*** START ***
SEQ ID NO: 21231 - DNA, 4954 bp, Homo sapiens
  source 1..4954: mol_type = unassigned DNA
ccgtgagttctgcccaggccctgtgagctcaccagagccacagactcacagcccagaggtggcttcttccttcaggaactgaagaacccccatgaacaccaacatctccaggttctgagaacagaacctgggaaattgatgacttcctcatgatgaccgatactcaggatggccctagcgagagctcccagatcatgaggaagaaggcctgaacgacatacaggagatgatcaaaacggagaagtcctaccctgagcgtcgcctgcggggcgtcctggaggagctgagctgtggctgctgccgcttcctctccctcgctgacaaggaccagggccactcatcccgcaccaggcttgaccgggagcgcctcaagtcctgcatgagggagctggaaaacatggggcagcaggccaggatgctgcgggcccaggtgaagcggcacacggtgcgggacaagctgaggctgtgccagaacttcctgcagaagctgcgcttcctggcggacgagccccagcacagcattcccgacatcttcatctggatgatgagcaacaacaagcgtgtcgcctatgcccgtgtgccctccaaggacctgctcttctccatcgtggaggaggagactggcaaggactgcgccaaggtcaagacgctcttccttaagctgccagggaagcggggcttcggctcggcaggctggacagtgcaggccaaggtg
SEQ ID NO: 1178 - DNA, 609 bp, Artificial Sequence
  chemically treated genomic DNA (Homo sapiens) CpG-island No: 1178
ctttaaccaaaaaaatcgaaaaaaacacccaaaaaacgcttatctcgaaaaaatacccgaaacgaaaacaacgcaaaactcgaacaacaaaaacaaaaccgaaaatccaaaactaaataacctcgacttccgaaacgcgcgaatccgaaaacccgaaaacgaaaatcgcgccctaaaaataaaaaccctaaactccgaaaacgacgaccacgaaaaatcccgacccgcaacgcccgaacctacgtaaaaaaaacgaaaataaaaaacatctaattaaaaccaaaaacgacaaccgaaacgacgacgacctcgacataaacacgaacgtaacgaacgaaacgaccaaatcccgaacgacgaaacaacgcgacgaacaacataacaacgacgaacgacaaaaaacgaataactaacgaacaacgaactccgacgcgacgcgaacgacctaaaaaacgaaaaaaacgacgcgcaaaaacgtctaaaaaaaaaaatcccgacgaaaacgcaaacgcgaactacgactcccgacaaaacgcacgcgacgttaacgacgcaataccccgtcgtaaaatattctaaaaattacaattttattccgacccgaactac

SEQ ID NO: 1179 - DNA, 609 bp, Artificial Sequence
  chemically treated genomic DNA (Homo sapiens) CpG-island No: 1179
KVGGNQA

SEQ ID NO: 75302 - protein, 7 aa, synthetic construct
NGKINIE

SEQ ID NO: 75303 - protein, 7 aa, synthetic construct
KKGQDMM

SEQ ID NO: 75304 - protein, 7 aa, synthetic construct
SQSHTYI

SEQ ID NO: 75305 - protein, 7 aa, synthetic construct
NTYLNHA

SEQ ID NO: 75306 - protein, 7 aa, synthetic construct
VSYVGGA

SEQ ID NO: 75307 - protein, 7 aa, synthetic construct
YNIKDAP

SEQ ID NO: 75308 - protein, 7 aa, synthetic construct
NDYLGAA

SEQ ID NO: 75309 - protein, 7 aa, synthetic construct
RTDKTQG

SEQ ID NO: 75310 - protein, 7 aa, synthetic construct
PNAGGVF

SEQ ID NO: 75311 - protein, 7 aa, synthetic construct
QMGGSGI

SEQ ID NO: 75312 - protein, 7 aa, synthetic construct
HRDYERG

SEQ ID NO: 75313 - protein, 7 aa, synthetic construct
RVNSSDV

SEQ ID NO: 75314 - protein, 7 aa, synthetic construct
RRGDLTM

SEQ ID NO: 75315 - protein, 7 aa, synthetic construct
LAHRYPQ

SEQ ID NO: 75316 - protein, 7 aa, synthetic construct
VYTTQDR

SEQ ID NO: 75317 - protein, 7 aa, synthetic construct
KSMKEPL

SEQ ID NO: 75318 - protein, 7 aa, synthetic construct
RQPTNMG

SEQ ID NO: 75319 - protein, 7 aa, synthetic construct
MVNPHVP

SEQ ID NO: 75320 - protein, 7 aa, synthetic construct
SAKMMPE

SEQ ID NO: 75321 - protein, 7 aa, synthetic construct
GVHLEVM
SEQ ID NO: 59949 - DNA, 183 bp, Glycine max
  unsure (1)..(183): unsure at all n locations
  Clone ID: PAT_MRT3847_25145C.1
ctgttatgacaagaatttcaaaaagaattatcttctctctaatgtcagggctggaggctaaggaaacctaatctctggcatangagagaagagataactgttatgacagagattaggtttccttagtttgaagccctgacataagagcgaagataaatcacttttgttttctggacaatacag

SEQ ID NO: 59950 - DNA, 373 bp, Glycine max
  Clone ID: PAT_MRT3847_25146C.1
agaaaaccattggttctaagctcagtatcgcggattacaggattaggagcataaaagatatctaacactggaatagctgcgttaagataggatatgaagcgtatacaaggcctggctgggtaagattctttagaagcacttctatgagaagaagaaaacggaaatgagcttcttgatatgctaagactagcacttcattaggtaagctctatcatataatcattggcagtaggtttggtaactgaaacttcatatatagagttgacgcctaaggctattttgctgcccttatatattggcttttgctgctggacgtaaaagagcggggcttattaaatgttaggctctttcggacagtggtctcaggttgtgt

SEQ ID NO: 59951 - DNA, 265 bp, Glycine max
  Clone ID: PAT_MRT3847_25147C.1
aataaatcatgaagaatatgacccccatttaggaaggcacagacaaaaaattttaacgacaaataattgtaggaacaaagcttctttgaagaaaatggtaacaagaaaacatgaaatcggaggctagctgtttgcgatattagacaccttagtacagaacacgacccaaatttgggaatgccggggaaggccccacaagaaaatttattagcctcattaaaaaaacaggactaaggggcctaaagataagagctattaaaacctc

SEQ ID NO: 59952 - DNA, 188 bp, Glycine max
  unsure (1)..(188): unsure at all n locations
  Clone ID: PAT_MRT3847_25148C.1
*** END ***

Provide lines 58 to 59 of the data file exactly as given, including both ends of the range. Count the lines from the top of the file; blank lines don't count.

  Clone ID: PAT_MRT3847_25147C.1
aataaatcatgaagaatatgacccccatttaggaaggcacagacaaaaaattttaacgacaaataattgtaggaacaaagcttctttgaagaaaatggtaacaagaaaacatgaaatcggaggctagctgtttgcgatattagacaccttagtacagaacacgacccaaatttgggaatgccggggaaggccccacaagaaaatttattagcctcattaaaaaaacaggactaaggggcctaaagataagagctattaaaacctc